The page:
All other electric vehicle supply equipment shall be permanently connected and
fastened in place. This equipment shall have no exposed live parts.
Substantiation: None given.
Panel Meeting Action: Reject
Panel Statement: The proposal does not comply with 4.3.3(d) of the NFPA
Regulations Governing Committee Projects. The submitter has not
substantiated the proposal.
Number Eligible to Vote: 12
Ballot Results: Affirmative: 12
BTW, note the typos here ... their proposal isn't even coherent. ANyway they rejected it out of hand as no substantiation was given.
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AndyH
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Re: NEC definitely allows cord-and-plug connected 240V EVSEs

Sun Jul 18, 2010 1:23 pm

...But it's not up to the NEC.

It appears that the NEC is not law but a recommendation. According to the Nov 2008 "Plug-in Hybrid Electric Vehicle
Charging Infrastructure Review" published by a Department of Energy National Lab:
Standards for installation and functionality requirements of electric vehicle infrastructure are provided
in the NEC Article 625, published by the National Fire Protection Association. The NEC is provided as
purely advisory to regulatory bodies in the interest of life and property protection. The National Fire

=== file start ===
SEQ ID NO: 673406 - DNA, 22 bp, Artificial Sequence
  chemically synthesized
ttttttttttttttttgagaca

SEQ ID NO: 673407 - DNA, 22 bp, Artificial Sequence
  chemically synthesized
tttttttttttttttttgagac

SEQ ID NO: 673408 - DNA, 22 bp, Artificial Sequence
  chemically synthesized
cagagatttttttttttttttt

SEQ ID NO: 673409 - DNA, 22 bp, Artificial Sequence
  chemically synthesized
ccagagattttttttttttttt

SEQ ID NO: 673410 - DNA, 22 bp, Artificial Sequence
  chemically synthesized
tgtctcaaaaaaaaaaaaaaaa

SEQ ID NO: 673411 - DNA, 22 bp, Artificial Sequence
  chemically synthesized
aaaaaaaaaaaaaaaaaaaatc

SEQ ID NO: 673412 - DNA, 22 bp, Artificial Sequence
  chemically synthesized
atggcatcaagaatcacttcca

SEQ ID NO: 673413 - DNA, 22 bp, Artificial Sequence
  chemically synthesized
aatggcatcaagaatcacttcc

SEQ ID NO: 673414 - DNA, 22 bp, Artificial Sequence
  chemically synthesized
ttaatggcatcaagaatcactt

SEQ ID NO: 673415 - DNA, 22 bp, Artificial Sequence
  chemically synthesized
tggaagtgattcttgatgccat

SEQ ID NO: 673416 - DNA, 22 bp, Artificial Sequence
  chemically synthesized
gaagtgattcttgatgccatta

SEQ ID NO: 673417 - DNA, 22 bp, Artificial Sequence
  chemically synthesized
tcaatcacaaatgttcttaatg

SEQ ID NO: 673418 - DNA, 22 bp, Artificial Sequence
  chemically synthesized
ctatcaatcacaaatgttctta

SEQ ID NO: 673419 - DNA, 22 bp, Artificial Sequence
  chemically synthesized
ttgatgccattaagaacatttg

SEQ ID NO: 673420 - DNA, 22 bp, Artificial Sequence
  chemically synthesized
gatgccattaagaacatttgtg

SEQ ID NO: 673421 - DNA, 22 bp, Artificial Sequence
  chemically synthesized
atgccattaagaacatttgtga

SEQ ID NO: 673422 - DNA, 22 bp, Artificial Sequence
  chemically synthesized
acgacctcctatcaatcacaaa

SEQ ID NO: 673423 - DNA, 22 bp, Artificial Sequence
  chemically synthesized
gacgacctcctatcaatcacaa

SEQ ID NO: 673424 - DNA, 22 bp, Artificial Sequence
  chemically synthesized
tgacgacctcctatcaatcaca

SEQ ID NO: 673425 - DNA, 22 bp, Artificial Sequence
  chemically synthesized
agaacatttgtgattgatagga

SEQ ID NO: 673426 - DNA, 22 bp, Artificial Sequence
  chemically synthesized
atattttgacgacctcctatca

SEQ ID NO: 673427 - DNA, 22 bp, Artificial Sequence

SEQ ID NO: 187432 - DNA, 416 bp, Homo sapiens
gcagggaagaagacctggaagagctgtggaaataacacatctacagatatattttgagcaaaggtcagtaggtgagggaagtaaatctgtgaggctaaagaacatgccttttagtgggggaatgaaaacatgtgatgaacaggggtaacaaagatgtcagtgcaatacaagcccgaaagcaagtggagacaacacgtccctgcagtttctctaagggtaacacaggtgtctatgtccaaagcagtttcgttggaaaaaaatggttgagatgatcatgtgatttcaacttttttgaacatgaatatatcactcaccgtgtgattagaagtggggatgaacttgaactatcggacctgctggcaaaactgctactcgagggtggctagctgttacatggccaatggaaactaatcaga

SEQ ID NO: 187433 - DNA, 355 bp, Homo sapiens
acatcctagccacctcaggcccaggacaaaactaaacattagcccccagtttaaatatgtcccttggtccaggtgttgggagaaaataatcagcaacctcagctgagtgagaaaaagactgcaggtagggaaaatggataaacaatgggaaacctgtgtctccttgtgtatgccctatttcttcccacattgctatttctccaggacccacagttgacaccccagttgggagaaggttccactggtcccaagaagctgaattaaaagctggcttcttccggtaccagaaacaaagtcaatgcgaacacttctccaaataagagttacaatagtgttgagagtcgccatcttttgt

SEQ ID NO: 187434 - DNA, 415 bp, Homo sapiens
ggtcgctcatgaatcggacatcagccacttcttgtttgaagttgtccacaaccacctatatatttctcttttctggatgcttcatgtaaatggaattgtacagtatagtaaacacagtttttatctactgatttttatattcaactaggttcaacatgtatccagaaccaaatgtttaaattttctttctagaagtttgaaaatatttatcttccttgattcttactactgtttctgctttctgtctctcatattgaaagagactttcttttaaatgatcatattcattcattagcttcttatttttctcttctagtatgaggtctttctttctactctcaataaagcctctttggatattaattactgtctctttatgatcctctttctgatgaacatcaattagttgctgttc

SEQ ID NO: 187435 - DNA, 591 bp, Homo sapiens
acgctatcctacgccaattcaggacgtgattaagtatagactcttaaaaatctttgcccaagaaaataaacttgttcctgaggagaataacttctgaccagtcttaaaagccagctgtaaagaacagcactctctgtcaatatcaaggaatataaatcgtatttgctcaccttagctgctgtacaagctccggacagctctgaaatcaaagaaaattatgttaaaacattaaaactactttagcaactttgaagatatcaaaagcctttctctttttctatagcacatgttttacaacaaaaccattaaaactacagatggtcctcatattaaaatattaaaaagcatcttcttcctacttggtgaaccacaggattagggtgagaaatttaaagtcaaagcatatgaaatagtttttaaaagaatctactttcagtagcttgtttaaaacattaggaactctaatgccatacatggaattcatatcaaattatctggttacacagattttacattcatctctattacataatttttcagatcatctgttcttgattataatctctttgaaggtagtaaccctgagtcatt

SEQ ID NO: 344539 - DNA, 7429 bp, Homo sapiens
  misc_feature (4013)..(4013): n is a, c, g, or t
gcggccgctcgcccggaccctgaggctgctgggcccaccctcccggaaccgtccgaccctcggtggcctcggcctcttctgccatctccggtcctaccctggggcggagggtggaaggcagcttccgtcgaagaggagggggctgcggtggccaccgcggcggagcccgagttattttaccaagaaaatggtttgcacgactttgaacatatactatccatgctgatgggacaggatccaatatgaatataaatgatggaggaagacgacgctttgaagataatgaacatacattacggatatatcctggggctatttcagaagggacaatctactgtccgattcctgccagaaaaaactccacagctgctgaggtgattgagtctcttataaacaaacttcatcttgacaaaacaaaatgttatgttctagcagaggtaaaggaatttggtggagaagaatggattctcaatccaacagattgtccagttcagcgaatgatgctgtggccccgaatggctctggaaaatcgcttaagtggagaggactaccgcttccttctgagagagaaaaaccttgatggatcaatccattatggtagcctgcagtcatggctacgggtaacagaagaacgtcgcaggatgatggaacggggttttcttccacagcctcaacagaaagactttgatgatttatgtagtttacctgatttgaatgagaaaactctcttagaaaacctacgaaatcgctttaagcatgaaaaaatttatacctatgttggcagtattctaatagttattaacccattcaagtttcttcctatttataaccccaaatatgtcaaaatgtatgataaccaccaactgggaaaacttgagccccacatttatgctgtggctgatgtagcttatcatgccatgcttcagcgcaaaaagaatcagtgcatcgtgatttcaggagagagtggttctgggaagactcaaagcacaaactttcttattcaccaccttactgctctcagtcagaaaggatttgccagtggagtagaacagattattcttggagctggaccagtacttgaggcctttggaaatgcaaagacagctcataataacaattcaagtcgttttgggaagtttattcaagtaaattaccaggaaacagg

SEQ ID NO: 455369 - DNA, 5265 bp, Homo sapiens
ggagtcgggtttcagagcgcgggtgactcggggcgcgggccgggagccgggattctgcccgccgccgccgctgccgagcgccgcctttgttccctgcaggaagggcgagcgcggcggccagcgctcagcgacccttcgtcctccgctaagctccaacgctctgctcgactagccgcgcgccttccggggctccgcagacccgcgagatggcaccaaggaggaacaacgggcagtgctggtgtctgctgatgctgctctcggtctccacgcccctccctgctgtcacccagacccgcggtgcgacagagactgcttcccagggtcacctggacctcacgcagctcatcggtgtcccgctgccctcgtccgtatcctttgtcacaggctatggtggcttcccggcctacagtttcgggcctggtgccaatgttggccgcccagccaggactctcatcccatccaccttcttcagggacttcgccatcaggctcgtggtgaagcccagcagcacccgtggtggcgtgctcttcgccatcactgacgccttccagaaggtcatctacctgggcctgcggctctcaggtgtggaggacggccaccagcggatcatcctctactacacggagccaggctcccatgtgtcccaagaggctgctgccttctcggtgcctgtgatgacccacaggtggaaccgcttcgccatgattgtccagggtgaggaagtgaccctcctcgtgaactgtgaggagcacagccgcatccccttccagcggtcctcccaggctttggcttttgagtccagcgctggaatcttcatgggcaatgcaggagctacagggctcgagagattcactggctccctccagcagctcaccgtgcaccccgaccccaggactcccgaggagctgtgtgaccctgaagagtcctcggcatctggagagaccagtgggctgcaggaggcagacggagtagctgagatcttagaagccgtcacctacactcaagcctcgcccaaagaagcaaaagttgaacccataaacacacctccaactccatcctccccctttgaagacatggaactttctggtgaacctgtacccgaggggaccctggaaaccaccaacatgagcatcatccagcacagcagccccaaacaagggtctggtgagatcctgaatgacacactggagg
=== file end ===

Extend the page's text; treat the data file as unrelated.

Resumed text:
Protection Association revises and publishes a new NEC handbook every 3 years. Adoption of the NEC
into law is carried out by local jurisdictions and adoption of new NEC versions that may follow several
years
from the most recent National Fire Protection Association publication
.
Page 26 from: http://avt.inel.gov/pdf/phev/phevInfras ... port08.pdf

To view the 'rules of installation' from one of the 'local jurisdictions' that adopted the guidance into law, enjoy this "ELECTRIC VEHICLE
INFRASTRUCTURE INSTALLATION GUIDE" from Pacific Gas and Electric:
http://www.pge.com/includes/docs/pdfs/a ... ehicle.pdf

EV Charging Essentials beginning on page 10 is worth a look if one is interested in the interplay between the NEC, the California code, and local rulings. Code requirements for installing EVSE begins on page 19.

AndyH
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Re: NEC definitely allows cord-and-plug connected 240V EVSEs

Sun Jul 18, 2010 2:58 pm

wwhitney wrote: And the document is prefaced by a lengthy disclaimer in which they take no responsibility for accuracy, see below.
That's a standard disclaimer required for any government-sponsored report - it's not an indicator of accuracy (or lack thereof).

This might provide some insight into why the NEC might not be calling the shots with regard to EV charging: